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From Barnes & Noble"You don't choose the writer's life, the writer's life chooses you."
When Grimes first meets Frank Conroy (then director of the legendary Iowa Writers' Workshop), he tells him he recently applied to the program.
Conroy's response? "Yeah, you and eight hundred others." But Grimes was not only accepted; he was offered the top scholarship — an auspicious beginning. Grimes wanted to write big books, masterpieces. While he was still a student, his second novel sold at auction, with four prestigious publishing houses bidding. Conroy, who had taken Grimes under his wing — first as a student, and later as a friend and surrogate son — reveled in his protégé's success, and promised more to come.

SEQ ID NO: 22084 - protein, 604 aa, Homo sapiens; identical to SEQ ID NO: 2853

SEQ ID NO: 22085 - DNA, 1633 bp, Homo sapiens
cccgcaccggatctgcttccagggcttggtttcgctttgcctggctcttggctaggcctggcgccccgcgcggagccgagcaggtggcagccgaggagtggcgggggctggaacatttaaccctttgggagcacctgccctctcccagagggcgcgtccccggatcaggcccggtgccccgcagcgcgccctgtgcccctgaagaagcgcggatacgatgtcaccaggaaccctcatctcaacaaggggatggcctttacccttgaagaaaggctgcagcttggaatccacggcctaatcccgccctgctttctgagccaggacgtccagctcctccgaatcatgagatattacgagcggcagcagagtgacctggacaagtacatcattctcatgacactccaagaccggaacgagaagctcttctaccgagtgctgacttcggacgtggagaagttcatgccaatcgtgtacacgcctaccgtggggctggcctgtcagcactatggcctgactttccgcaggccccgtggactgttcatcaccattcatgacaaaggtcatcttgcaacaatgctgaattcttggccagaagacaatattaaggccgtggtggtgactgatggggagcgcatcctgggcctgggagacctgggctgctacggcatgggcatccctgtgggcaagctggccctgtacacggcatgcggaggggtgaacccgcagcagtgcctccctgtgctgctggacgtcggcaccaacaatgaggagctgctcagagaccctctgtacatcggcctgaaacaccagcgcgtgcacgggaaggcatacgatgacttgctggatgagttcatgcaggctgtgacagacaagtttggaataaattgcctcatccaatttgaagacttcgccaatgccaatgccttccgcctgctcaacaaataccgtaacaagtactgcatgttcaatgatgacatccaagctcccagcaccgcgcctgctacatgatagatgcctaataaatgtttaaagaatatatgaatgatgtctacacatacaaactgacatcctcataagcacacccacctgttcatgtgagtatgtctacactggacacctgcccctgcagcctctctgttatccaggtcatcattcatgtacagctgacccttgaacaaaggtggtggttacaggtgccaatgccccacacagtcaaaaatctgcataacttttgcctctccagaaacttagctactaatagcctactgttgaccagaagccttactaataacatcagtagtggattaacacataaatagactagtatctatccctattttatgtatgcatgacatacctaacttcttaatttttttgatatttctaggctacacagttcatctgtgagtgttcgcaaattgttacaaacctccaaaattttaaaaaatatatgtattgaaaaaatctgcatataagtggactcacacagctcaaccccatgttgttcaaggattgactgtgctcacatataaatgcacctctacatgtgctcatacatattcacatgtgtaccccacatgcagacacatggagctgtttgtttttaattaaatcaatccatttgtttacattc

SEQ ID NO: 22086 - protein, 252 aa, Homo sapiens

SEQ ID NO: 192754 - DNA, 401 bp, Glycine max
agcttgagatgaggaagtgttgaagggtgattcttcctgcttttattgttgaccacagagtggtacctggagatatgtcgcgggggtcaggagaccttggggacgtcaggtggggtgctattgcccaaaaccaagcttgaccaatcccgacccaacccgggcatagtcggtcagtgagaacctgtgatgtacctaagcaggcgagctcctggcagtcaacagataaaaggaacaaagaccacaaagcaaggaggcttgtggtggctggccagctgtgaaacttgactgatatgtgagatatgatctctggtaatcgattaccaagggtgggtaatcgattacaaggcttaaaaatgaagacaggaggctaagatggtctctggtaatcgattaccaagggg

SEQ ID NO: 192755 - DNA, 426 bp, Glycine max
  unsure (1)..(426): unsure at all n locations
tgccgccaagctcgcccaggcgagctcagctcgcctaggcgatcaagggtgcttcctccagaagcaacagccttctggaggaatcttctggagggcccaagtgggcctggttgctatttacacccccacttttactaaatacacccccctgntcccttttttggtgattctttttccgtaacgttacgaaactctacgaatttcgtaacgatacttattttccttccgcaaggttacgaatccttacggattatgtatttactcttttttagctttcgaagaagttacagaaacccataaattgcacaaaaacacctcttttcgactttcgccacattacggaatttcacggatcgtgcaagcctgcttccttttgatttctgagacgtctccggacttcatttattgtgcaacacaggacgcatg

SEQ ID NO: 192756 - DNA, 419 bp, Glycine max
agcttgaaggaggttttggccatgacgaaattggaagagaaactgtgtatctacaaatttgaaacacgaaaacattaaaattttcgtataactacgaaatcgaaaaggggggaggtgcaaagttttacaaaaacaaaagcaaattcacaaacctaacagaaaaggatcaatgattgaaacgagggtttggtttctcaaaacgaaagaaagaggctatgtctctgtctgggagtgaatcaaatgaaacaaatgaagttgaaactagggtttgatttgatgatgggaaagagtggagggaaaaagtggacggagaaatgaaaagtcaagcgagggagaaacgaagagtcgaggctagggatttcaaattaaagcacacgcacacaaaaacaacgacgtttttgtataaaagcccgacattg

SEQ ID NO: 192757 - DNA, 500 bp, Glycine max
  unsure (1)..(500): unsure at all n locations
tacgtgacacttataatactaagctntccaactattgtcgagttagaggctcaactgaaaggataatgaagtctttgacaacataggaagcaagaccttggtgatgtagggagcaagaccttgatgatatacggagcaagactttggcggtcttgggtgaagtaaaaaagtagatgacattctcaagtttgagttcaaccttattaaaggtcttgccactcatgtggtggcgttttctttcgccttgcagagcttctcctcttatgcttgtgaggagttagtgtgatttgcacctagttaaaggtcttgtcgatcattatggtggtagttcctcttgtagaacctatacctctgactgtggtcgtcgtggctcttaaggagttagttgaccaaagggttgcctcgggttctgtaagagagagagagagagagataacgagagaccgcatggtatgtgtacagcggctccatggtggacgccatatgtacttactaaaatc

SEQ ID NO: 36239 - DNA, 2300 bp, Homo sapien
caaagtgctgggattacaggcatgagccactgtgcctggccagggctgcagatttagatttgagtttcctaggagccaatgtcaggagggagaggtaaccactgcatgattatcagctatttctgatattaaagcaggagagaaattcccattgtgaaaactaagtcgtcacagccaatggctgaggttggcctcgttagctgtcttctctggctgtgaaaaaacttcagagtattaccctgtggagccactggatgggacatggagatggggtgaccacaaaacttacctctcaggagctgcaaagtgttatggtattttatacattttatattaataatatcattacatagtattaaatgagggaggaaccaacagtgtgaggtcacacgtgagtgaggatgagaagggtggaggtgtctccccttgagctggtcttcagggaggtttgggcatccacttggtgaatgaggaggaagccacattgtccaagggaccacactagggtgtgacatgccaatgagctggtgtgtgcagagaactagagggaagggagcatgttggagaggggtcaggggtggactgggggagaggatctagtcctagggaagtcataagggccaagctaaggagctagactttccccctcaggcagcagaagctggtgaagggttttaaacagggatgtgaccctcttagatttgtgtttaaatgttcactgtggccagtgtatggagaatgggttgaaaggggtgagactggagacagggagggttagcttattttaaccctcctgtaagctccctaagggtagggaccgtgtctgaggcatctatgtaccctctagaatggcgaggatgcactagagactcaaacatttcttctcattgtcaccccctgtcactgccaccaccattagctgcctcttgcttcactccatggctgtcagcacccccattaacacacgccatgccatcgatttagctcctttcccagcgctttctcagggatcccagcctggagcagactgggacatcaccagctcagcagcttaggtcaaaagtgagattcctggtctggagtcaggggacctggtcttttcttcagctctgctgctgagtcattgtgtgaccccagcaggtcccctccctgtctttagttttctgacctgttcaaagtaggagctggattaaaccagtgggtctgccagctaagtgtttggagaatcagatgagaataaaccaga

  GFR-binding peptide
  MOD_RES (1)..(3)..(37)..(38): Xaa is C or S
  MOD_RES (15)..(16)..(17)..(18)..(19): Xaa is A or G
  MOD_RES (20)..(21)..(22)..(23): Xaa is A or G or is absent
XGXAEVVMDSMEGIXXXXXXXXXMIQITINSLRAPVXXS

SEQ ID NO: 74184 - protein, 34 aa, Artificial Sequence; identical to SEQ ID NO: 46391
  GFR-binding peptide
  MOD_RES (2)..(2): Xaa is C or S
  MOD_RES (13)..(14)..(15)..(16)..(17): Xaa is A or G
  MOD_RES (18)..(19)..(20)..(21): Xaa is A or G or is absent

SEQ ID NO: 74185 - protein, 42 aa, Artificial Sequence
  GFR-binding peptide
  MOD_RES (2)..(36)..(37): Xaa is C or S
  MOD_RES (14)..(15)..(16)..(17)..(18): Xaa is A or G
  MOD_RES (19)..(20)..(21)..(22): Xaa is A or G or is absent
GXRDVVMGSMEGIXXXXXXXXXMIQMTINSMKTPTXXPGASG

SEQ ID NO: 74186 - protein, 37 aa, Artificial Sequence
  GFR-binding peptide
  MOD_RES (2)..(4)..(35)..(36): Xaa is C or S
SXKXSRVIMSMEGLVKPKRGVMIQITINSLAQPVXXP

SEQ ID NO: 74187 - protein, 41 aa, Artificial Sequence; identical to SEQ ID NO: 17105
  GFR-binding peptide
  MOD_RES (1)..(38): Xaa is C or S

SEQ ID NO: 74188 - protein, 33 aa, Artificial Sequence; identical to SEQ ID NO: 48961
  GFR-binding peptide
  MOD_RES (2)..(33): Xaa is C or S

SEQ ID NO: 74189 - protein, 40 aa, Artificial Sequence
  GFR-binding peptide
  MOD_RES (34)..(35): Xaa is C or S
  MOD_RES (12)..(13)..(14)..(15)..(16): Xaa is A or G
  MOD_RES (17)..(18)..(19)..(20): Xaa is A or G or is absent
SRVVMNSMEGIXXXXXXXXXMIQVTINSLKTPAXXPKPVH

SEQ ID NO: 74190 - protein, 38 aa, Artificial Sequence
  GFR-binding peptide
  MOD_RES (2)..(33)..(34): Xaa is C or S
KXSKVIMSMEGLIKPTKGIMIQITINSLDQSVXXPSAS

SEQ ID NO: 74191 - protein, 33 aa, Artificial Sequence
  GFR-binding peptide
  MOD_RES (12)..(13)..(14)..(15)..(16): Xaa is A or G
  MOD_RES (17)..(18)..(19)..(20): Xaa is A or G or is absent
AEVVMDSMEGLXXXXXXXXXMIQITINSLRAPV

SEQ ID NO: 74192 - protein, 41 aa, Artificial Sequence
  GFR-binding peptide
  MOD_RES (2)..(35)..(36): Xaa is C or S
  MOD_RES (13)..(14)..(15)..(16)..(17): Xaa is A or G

Thus Grimes was ill prepared for what came next: poor and mixed reviews, dejection, and abandonment from the publishing maw. Few writers experience Grimes's triumphant rise into the life that had chosen him, but many share his failures. What sets his story apart is his relationship with Conroy, whose support and encouragement were unflagging. "It's taken me twenty years to understand that our unexpected friendship, rather than my novel, was the real work of art," writes Grimes. Mentor is both touching and sobering — an honest book about writing, packed with excellent advice. And a fascinating and heartfelt tribute to a man—not for the books he wrote but for the gruff, often unspoken love he gave.